Court rules against Local Authority in favour of sister caring for ‘severely neglected’ brother
A sister in the North East was asked to care for her brother Thomas in September 2017 following Social Services involvement with his parents over neglect and drug abuse.
The Council issued Care Proceedings in October with an initial plan for Amy to obtain a Child Arrangement Order for Thomas. Amy was signposted to Ridley & Hall by Grandparents Plus who were concerned about the impact that a Child Arrangement Order would have on her as a carer for Thomas.
Helen Moody, specialist Kinship Care Solicitor at Ridley & Hall, commented, “Amy had no reason to question what the Local Authority had suggested in terms of Order. She only began to question it after speaking to Grandparents Plus and she was referred to me.
I explained to her that as her brother was currently classed as a ‘looked after’ child because the Local Authority placed him with her, she was entitled to receive a fostering allowance and Local Authority support. I advised her that this support was likely to, at best reduce and at worst, cease all together under a Child Arrangement Order.
Amy was horrified. I explained that I felt initially the Local Authority should obtain an Interim Care Order which would see the current arrangements for support continue and would maintain the status quo especially so soon into the placement.”
Ridley & Hall represented Amy at the initial hearing. Thankfully the Local Authority conceded that continued support was required at this stage and the Court granted an Interim Care Order.
Despite a psychological report stating very clearly that continued support would be required for the family in order to prevent a breakdown, the Local Authority asked the Court to make a Special Guardianship Order. This meant that Amy would go from approximately £160 per week to care for Thomas to under £300 a month for one year only. It also meant that she would have to be responsible for managing contact with Thomas’s parents who both still had drug issues. Support for any future therapy would be extremely limited if indeed, it was there at all.
Amy felt very anxious about being left to deal with all of these issues alone. Although she had the best intentions of caring for her brother throughout his childhood, there was a real worry that she may not have been able to manage Thomas’s needs together with her own two children.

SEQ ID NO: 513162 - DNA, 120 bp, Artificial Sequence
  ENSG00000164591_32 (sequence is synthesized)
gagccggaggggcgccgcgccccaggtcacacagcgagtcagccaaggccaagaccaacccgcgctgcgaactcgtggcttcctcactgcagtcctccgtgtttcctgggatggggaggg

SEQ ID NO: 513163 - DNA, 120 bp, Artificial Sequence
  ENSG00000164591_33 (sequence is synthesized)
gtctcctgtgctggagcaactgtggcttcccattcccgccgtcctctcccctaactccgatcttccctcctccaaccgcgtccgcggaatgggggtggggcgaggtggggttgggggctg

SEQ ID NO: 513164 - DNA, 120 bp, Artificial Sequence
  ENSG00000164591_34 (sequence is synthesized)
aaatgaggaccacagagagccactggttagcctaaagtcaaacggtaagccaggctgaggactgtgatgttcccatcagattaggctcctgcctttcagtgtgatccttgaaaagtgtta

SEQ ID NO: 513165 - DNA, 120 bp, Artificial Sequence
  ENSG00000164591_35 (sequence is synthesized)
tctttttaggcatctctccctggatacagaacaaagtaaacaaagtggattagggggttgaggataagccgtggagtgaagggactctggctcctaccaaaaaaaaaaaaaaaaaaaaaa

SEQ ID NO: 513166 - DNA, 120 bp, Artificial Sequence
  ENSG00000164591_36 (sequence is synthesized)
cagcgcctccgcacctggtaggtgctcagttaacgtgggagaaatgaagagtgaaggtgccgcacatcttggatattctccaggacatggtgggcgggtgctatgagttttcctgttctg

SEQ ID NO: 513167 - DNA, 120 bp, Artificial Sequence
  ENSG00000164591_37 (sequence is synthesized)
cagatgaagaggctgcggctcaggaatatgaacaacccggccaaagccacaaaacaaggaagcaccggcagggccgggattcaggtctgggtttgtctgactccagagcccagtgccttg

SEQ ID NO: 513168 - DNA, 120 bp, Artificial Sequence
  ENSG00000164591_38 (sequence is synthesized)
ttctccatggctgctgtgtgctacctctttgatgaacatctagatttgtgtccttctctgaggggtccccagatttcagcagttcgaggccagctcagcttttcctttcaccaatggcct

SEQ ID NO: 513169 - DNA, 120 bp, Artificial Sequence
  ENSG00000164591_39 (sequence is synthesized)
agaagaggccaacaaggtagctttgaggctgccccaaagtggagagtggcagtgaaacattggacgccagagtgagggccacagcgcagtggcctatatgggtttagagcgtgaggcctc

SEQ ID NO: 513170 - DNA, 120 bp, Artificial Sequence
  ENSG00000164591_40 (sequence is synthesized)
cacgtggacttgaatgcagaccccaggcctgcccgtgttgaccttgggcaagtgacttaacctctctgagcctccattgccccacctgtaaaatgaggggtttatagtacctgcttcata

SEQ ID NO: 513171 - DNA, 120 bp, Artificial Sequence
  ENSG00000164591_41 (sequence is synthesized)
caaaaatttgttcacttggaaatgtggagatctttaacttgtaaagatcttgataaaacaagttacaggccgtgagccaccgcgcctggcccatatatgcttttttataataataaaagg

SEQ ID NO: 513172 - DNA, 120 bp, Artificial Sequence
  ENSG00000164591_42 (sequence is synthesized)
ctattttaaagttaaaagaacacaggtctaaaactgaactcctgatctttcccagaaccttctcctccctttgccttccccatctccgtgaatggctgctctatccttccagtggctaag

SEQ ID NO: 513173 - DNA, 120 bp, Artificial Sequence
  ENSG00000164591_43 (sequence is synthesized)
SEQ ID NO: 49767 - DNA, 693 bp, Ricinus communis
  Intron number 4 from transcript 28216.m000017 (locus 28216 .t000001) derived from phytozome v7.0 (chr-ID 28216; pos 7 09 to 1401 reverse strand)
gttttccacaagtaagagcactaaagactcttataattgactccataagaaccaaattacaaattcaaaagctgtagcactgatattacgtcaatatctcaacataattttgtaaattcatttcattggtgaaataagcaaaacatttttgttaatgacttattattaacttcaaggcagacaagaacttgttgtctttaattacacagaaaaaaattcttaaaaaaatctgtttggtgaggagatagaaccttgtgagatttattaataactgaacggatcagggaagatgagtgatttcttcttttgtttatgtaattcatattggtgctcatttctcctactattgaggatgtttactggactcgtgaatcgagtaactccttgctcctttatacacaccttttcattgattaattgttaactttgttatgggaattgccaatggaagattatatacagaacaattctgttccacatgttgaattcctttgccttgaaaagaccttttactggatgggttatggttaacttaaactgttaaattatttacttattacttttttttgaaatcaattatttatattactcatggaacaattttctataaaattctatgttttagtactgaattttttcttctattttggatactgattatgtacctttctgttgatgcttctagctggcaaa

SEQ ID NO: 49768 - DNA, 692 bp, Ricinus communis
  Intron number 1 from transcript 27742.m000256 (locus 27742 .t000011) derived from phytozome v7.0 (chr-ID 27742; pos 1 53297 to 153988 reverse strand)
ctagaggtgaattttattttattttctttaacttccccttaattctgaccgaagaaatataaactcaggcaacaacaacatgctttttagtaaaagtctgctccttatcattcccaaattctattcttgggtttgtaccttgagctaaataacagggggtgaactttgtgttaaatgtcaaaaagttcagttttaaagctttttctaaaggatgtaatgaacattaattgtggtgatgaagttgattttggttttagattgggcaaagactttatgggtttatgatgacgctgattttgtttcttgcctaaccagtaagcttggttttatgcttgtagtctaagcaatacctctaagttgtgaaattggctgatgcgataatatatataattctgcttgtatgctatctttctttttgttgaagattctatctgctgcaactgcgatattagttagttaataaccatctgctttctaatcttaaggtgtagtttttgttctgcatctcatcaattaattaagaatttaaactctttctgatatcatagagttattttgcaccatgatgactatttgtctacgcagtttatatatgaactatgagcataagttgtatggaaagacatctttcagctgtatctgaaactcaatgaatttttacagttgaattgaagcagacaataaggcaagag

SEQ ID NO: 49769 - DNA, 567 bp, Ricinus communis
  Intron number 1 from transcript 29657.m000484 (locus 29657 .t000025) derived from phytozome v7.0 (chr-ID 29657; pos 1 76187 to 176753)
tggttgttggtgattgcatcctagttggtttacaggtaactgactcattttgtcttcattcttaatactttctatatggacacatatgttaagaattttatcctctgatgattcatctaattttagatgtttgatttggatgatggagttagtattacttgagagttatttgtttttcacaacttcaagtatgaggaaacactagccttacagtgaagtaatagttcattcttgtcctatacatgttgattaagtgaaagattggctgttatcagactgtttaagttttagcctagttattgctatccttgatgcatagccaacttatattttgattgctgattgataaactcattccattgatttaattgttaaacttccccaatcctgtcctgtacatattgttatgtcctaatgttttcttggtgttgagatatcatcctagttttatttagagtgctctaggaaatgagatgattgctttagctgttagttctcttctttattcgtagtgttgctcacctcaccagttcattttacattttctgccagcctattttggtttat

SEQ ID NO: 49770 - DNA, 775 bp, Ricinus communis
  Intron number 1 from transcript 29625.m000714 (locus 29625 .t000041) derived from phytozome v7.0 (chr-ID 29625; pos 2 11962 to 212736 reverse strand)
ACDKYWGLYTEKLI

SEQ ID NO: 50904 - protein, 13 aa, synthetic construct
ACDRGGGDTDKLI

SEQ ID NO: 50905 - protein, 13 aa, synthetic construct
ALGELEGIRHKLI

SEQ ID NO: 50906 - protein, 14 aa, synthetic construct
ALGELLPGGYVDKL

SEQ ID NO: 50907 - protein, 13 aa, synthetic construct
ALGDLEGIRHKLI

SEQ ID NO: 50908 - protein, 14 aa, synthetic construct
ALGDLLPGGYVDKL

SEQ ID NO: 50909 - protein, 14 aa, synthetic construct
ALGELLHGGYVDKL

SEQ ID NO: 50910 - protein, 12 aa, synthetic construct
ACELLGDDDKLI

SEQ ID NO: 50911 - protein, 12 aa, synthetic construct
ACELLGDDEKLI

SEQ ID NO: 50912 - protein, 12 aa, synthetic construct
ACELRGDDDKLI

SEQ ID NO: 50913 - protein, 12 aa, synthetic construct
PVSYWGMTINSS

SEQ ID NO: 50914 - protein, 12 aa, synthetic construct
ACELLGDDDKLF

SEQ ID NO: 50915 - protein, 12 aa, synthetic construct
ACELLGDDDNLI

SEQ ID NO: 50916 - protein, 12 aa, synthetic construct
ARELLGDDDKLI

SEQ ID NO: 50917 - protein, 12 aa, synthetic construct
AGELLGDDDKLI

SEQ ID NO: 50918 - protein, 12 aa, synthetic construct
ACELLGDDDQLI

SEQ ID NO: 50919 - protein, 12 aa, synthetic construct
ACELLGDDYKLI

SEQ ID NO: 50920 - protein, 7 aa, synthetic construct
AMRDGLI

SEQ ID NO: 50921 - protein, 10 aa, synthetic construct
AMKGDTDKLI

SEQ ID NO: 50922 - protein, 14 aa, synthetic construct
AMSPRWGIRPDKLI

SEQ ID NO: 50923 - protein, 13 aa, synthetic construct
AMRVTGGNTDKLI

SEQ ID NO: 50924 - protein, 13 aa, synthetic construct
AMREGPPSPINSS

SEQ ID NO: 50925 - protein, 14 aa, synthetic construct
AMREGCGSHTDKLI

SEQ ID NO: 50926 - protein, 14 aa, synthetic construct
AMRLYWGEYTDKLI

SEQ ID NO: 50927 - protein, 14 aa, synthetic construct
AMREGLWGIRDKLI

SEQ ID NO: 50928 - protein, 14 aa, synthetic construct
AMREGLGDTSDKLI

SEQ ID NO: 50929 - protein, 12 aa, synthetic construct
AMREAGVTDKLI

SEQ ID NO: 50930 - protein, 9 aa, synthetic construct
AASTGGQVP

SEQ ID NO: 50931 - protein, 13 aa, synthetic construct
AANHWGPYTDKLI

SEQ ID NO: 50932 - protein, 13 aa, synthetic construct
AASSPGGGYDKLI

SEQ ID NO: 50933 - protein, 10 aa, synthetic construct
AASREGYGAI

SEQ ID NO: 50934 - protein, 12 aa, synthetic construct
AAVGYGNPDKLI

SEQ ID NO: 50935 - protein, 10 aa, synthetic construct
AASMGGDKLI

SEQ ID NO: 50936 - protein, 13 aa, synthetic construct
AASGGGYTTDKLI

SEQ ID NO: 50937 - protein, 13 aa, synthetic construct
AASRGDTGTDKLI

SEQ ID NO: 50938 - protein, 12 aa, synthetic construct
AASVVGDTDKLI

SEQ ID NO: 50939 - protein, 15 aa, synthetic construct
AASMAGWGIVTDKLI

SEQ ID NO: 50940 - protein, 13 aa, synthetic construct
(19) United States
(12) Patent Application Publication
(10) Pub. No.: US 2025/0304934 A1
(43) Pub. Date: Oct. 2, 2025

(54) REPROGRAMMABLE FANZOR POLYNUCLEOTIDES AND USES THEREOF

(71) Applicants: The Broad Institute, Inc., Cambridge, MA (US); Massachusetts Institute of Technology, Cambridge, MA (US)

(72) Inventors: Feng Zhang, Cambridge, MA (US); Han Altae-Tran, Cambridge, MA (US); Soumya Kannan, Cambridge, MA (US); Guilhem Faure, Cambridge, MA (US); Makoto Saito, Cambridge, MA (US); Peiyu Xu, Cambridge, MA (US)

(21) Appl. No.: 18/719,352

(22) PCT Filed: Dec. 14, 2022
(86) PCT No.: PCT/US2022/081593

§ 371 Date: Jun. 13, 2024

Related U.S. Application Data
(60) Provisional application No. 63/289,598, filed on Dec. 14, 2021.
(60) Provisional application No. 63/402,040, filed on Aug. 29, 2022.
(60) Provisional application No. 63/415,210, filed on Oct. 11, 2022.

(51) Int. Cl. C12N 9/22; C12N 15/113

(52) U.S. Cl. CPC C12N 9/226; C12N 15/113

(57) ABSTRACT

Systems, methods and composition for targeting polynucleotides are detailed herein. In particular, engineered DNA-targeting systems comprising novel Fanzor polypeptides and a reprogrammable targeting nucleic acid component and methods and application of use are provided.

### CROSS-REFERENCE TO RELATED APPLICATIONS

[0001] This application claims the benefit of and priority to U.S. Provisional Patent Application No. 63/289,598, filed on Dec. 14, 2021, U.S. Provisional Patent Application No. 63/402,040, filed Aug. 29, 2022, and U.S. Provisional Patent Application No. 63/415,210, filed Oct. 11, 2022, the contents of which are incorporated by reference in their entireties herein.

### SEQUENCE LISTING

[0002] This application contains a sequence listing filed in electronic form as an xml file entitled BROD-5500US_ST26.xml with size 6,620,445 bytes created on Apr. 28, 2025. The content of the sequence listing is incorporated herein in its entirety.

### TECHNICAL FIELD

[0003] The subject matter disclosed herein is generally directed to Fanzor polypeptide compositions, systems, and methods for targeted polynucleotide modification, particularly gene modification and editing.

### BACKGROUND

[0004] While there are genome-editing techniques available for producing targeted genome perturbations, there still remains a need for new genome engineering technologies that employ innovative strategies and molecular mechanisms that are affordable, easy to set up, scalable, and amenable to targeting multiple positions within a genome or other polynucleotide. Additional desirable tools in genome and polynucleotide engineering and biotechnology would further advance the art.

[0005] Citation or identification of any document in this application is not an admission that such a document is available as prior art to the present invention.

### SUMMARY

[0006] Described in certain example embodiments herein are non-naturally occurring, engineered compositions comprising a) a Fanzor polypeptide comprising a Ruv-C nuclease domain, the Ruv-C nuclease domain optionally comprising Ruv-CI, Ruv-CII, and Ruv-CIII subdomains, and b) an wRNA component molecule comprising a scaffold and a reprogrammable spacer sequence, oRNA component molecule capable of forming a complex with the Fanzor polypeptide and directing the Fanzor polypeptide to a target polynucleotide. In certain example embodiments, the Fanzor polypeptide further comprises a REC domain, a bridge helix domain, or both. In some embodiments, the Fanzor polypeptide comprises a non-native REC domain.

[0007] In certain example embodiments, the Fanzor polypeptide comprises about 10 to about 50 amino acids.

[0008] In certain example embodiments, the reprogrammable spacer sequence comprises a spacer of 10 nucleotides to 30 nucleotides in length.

Despite a strong statement filed on behalf of Amy, the Local Authority still held their position and felt that above everything, a Special Guardianship Order was most suitable.
At the final hearing, the Local Authority set this out for the Court.
Helen Moody explained; “I reminded the Court that they could not force a Special Guardianship Order on a carer if that is not what they want. Unfortunately some Courts do this despite strong evidence that without ongoing support under a Care Order, there is a real risk of breakdown in the future.”
Thankfully in this case Ms Moody successfully persuaded the Court that a Care Order was the most appropriate Order and they did not make a Special Guardianship Order.
“The impact of this on Amy and Thomas will be huge. She will continue to receive non-means tested fostering allowances whilst ever the Order is in place. The Local Authority will take responsibility for supervising the contact between Thomas and his parents. They will keep all the arrangements under review and should Thomas require support services in the future, he will be treated as a priority and benefit from ongoing reviews.”
Amy commented “I cannot thank Helen enough. She knew exactly how the different Orders would affect me in the future and advised me about the pitfalls. I know for certain that had I not sought her advice, a Special Guardianship Order would have been granted and that would have led to almost certain breakdown in the future. The effect on my brother of a breakdown would have been catastrophic. I would urge anyone in a similar situation to seek legal advice from Ridley & Hall”.